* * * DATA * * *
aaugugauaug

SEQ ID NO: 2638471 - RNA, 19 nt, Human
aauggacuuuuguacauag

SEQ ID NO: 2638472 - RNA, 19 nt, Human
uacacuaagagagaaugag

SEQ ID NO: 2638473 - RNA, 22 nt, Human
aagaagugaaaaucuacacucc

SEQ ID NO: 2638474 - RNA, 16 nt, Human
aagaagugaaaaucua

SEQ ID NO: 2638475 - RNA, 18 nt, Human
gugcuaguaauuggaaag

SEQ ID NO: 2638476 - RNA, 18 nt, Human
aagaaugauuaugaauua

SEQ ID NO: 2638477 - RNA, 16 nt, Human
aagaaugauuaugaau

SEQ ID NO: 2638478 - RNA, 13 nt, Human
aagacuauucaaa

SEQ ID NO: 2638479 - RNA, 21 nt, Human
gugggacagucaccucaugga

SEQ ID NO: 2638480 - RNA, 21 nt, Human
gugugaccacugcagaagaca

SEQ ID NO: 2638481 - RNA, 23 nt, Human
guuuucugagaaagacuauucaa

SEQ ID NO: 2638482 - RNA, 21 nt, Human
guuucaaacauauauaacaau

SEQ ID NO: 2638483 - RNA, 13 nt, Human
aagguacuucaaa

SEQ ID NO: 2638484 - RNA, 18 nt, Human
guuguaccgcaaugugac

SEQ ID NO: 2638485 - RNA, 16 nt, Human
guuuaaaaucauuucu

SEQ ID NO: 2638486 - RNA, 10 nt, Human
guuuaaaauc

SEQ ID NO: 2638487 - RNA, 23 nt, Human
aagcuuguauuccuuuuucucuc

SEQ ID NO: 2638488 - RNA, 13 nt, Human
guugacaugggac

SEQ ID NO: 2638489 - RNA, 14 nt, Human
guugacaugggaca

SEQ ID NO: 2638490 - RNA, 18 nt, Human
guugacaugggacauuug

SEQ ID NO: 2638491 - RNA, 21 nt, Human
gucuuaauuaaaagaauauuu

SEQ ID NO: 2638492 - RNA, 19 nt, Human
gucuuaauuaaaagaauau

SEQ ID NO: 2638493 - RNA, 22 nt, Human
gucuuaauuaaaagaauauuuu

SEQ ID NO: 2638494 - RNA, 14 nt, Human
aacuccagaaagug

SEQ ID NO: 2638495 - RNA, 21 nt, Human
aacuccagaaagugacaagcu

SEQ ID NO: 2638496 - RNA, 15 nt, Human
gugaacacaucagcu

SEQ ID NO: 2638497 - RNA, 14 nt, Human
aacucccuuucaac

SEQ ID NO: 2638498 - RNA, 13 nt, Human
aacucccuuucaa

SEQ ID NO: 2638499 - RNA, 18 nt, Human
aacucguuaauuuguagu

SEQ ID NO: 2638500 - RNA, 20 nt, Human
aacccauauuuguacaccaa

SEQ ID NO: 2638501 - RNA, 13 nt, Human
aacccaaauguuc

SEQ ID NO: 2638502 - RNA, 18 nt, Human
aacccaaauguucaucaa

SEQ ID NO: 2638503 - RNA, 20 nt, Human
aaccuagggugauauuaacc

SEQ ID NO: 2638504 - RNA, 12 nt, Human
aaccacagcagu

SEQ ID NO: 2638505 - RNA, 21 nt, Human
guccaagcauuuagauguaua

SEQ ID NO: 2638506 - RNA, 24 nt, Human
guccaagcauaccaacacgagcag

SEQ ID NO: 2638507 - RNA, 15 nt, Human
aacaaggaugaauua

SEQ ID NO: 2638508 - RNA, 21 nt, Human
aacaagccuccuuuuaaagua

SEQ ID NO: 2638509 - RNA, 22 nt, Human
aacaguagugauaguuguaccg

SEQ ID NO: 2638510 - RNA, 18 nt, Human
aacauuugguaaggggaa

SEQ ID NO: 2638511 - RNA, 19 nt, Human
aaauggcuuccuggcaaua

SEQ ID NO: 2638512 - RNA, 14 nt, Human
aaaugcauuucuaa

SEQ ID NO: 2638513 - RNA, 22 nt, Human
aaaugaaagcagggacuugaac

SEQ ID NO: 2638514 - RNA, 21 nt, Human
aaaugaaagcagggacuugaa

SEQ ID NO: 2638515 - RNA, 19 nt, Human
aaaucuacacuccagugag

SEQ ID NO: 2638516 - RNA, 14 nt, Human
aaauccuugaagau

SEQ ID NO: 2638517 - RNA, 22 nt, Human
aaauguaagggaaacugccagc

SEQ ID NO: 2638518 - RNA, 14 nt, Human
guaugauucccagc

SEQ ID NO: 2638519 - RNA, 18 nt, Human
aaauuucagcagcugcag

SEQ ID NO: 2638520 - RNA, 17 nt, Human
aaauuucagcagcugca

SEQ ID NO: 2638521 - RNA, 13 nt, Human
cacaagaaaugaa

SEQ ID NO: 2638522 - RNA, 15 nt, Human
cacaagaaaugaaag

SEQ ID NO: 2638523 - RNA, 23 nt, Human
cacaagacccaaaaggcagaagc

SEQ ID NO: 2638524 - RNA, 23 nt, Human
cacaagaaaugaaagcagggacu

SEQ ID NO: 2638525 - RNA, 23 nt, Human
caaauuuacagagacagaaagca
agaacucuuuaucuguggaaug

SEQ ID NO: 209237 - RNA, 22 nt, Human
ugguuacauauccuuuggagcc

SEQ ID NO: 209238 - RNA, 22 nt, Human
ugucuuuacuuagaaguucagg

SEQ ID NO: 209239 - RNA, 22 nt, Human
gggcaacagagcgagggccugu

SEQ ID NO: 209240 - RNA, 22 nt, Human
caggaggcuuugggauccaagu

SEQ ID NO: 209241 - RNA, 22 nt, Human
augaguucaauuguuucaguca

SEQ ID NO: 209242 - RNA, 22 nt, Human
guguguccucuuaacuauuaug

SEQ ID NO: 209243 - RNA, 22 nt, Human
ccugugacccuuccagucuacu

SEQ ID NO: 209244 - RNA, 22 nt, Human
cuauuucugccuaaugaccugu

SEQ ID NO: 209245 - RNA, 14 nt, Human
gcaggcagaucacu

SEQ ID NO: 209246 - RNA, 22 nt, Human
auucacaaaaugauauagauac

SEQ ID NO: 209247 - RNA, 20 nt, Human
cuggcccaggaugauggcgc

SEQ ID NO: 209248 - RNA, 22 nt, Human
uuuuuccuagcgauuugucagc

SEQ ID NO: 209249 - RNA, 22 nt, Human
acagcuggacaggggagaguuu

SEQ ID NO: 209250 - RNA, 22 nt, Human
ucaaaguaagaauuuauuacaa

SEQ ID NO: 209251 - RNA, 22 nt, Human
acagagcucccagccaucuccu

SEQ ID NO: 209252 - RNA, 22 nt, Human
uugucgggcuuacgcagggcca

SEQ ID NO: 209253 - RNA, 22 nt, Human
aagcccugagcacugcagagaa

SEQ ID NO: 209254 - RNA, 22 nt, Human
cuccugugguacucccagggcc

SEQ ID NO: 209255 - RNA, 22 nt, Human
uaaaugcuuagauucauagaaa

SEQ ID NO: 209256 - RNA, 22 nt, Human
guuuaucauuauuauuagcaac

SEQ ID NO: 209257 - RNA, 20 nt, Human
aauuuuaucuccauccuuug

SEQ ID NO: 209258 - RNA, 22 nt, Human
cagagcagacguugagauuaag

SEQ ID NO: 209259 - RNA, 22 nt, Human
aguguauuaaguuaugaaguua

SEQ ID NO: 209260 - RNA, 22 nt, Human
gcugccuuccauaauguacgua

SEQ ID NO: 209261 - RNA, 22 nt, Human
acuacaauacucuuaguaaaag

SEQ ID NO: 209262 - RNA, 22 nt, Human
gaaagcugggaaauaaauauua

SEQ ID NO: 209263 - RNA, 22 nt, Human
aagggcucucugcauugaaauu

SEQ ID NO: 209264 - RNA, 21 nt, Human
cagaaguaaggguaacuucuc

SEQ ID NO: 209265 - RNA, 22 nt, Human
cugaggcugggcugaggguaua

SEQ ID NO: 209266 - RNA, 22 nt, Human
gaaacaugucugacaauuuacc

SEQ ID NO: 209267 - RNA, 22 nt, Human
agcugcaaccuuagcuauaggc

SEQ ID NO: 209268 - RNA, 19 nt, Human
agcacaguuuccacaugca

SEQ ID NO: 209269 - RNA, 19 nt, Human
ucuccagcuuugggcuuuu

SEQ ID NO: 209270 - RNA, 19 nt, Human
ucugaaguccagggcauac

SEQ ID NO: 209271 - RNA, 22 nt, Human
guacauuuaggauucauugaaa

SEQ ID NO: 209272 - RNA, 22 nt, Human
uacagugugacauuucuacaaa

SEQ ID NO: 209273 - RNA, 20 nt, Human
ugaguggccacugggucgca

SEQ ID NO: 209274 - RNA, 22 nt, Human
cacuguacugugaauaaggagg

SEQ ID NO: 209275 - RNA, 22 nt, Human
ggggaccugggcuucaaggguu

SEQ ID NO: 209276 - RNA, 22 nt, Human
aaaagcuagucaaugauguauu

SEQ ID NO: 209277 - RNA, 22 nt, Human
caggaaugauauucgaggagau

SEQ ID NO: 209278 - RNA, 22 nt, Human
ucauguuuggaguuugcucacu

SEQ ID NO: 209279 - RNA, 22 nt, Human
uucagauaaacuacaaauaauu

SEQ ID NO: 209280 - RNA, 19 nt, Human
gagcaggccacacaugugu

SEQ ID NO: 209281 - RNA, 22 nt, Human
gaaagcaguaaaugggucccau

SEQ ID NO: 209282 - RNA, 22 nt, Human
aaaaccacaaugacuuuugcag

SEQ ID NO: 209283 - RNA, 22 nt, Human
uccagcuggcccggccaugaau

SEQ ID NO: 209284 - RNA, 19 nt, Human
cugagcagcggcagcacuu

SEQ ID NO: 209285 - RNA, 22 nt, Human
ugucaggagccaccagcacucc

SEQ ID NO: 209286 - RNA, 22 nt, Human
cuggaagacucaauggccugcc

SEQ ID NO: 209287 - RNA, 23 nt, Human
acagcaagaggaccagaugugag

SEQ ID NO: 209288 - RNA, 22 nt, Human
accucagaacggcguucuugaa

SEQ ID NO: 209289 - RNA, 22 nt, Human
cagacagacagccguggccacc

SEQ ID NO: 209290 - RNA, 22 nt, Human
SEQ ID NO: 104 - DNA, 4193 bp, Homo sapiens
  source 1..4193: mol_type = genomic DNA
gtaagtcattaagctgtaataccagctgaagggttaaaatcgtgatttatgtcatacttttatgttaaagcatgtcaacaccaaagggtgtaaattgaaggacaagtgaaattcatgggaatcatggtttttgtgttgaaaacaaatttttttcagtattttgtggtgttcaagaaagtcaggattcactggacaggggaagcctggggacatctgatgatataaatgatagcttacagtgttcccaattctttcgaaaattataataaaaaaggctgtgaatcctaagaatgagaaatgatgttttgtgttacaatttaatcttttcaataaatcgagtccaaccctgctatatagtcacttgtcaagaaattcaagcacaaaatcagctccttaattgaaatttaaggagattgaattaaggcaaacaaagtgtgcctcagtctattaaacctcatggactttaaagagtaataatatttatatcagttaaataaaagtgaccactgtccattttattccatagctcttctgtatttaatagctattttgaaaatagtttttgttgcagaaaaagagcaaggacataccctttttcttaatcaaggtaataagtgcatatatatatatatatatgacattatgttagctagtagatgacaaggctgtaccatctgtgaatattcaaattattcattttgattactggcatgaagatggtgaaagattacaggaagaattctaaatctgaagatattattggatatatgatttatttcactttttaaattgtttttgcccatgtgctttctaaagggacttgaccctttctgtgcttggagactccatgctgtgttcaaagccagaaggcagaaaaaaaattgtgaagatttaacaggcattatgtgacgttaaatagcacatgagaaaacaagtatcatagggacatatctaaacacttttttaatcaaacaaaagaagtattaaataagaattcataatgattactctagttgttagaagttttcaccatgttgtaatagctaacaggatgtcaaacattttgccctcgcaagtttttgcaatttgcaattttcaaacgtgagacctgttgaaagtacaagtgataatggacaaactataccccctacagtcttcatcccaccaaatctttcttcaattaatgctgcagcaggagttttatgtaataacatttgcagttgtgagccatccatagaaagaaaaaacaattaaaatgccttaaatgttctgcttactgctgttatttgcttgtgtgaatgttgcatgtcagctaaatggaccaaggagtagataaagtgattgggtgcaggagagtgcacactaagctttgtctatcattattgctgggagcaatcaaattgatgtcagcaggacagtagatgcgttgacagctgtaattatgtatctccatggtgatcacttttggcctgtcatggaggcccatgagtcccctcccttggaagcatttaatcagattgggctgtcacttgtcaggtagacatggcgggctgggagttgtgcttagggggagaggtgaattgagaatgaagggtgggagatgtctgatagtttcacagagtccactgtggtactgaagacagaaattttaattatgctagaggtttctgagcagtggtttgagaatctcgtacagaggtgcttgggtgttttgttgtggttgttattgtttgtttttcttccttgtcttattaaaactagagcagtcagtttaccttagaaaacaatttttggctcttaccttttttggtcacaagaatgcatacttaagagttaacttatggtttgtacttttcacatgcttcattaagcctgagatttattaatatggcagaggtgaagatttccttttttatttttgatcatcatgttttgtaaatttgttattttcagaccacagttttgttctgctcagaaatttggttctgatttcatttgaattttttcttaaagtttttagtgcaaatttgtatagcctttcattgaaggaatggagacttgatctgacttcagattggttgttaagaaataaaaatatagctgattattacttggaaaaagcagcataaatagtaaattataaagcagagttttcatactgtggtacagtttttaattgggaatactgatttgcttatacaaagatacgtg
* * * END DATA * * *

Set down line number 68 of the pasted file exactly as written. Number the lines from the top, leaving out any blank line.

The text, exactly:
SEQ ID NO: 2638504 - RNA, 12 nt, Human